allege

verb
al·​lege | \ə-ˈlej \
alleged; alleging

Definition of allege 

transitive verb

1 : to assert without proof or before proving a report alleging that the company deliberately overcharged its customers She is alleged to have stolen more than $50,000 over the course of several years.

2 : to bring forward as a reason or excuse

3 archaic : to adduce or bring forward as a source or authority

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Did You Know?

These days, someone "alleges" something before presenting the evidence to prove it (or perhaps without evidence at all), but the word actually derives from the Middle English verb alleggen, meaning "to submit (something) in evidence or as justification." Alleggen, in turn, traces back to Anglo-French and probably ultimately to Latin allegare, meaning "to send as a representative" or "to offer as proof in support of a plea." Indeed, allege once referred to the actions of someone who came forward to testify in court; this sense isn't used anymore, but it led to the development of the current "assert without proof" sense.

Examples of allege in a Sentence

He alleged that the mayor has accepted bribes. The mayor is alleged to have accepted bribes. You allege that she stole a large quantity of money. Do you have any proof?
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Recent Examples on the Web

Mueller did not allege that Trump campaign associates were involved in the hacking effort, that Americans were knowingly in touch with Russian intelligence officers or that any vote tallies were altered by hacking. CBS News, "Trump responds to Russian hacking indictment by blaming Obama administration," 14 July 2018 The indictment alleges Russians hacked into Democrats' emails for months, and throughout the campaign released those documents publicly or shared them with people - including, the indictment said, a candidate for Congress. Amber Phillips, chicagotribune.com, "6 questions about the indictment of 12 Russians for hacking," 13 July 2018 The court filings allege that Russian hackers targeted more than 300 officials in the Democratic Party and the Clinton campaign with spearphishing attempts to access their email accounts. Matt Ford, The New Republic, "Truth Without Consequences," 13 July 2018 Cordon, who had an arrest warrant with Atlanta Police for failure to appear in court, had left by the time officers arrived, the report alleges. PEOPLE.com, "LeSean McCoy's Ex Told 911 Operator NFL Player Set Up Violent Robbery: 'My Face Is Demolished'," 12 July 2018 McLemore alleges Hill cornered her in another area of the bar and began rubbing her back. Holly V. Hays, Indianapolis Star, "State account auto-tweets link to Attorney General Curtis Hill statement criticizing accuser," 12 July 2018 Authorities allege Buchanan purposely waited before alerting the mother and police, the news station said. Crystal Hill, miamiherald, "Dad smothered screaming infant daughter — then tried to shock her back to life, Ark. police say," 12 July 2018 The plaintiff alleges that Monsanto has known and suppressed information that its herbicide is carcinogenic. Lucas Laursen, Fortune, "Why Monsanto Could Soon Get Hit With a Flood of Cancer-Related Lawsuits," 11 July 2018 Prosecutors allege that all of the defendants had special training on dust regulations. Beth Warren, The Courier-Journal, "Kentucky coal mine officials charged with cheating on key safety tests," 11 July 2018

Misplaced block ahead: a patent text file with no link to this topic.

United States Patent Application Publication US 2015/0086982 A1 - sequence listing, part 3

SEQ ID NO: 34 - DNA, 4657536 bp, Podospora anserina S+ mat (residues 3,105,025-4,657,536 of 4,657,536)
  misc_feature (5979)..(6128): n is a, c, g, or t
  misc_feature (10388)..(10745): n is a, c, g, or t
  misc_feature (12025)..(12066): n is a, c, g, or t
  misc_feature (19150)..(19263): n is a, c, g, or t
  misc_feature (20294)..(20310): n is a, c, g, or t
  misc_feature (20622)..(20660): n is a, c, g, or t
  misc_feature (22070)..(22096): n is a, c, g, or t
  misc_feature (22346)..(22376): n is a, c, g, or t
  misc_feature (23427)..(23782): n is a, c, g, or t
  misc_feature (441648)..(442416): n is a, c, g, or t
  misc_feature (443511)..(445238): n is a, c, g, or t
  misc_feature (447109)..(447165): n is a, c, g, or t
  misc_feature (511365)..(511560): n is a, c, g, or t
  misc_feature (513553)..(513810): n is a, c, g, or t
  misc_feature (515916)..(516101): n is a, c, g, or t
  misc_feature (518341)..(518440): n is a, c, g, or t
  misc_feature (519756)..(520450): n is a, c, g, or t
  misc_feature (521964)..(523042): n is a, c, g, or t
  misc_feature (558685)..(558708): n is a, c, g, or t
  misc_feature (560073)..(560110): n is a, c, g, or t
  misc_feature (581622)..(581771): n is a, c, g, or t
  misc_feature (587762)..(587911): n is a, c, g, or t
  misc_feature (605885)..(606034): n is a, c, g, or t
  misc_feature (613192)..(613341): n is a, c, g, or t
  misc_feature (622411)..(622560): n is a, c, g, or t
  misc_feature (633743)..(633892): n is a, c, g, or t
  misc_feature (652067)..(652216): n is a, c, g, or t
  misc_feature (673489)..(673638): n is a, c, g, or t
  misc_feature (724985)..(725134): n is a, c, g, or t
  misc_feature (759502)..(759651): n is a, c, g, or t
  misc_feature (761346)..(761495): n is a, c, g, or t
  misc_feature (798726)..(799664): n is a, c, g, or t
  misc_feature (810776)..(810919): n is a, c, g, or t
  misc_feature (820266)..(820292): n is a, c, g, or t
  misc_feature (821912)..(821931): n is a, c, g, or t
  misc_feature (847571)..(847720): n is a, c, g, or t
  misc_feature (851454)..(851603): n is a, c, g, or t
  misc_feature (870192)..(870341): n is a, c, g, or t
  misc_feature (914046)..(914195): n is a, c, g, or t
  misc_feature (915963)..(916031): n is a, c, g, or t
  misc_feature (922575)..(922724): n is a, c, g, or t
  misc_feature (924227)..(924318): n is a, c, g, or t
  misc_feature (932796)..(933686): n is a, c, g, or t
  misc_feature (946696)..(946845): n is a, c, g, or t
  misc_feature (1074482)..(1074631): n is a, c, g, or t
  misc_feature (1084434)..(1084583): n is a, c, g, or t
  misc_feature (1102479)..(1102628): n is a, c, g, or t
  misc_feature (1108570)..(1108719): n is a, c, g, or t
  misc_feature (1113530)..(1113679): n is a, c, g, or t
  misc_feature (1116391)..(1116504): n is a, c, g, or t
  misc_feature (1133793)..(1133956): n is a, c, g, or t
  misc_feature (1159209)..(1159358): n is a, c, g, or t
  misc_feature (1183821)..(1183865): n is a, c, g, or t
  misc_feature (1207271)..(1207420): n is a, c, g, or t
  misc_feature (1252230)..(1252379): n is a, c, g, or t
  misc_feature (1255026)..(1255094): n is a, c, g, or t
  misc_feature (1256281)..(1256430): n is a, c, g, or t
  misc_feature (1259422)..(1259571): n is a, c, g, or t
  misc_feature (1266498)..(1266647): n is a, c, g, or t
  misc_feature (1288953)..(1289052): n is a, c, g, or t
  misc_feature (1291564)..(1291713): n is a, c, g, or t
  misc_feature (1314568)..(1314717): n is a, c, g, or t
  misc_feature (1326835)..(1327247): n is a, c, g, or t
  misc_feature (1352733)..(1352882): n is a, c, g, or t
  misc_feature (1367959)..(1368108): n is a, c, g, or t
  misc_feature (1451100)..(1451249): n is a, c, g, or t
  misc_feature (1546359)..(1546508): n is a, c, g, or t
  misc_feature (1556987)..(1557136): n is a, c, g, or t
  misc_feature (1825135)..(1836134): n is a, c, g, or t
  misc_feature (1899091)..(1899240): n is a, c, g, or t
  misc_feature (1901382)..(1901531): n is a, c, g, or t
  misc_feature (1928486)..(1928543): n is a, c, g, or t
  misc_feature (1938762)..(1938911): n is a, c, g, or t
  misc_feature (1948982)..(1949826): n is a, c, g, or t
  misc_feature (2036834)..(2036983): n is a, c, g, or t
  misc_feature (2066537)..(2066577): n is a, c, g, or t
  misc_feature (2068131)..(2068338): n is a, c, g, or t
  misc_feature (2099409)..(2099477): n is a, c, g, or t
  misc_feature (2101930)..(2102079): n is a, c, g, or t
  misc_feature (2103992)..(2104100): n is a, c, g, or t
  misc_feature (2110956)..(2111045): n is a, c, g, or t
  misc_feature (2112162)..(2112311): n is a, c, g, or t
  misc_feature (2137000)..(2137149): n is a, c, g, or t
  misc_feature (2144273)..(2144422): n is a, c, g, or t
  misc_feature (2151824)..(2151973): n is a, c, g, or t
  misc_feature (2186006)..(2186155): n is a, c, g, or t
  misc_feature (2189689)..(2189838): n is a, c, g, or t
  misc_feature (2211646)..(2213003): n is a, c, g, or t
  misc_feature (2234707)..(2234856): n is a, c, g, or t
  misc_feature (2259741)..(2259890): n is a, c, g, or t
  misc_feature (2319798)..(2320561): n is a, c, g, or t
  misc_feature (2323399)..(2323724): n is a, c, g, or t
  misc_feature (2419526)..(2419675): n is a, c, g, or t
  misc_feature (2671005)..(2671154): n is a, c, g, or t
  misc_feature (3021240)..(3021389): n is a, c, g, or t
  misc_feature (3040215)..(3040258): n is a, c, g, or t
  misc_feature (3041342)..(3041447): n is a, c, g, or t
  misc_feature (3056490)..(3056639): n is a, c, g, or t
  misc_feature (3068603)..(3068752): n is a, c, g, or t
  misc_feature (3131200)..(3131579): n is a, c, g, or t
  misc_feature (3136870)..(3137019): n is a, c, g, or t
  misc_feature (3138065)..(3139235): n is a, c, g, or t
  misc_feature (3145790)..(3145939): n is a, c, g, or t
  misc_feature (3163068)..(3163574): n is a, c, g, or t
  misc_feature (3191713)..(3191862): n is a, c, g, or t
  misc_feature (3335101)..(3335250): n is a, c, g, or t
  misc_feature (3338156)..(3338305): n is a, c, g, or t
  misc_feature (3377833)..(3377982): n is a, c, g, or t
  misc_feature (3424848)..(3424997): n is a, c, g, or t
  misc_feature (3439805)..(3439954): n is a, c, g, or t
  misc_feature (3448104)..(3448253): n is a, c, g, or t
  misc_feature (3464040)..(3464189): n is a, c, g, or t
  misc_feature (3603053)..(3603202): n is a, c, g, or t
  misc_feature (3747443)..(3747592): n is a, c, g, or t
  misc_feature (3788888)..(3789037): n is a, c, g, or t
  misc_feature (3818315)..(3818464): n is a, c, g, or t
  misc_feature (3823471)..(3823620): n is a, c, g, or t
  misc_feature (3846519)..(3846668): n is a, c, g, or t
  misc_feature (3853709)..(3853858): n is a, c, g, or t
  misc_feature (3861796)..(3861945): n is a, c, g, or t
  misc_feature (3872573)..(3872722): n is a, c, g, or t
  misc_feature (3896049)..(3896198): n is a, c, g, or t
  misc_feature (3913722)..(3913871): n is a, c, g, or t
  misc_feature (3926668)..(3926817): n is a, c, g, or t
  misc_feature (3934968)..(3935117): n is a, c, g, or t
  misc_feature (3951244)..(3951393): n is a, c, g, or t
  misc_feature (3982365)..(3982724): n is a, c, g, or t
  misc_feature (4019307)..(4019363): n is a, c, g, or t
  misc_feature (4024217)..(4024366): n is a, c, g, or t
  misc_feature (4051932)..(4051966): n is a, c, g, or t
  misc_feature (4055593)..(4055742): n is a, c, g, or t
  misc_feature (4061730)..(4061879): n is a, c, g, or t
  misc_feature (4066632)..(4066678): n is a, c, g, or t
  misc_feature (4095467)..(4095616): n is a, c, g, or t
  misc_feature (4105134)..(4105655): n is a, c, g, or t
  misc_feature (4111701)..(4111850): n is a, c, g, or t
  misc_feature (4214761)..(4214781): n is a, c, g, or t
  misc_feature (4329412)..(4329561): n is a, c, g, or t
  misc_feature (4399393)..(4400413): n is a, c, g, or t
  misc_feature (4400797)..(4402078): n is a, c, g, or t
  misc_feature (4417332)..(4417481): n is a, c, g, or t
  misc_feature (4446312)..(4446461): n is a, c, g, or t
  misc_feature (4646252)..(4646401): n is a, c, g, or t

These example sentences are selected automatically from various online news sources to reflect current usage of the word 'allege.' Views expressed in the examples do not represent the opinion of Merriam-Webster or its editors. Send us feedback.

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First Known Use of allege

14th century, in the meaning defined at sense 3

History and Etymology for allege

Middle English alleggen to submit in evidence or as justification, adduce, from Anglo-French aleger, allegger, probably in part modification of Medieval Latin allegare, from Latin, to send as a representative, adduce in support of a plea (from ad- + legare to depute), in part from Anglo-French aleger to lighten, free, exculpate, from Late Latin alleviare to relieve — more at legate, alleviate

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Statistics for allege

Last Updated

6 Nov 2018

Look-up Popularity

Time Traveler for allege

The first known use of allege was in the 14th century

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More Definitions for allege

allege

verb

English Language Learners Definition of allege

: to state without definite proof that someone has done something wrong or illegal

allege

verb
al·​lege | \ə-ˈlej \
alleged; alleging

Kids Definition of allege

: to state as fact but without proof

al·​lege | \ə-ˈlej \
alleged; alleging

Legal Definition of allege 

1 : to state without proof or before proving

2 : to state (as a fact) in a pleading : aver

History and Etymology for allege

Old French alegier to alleviate, free, confused with Old French alleguer to allege, from Medieval Latin allegare — see allegata

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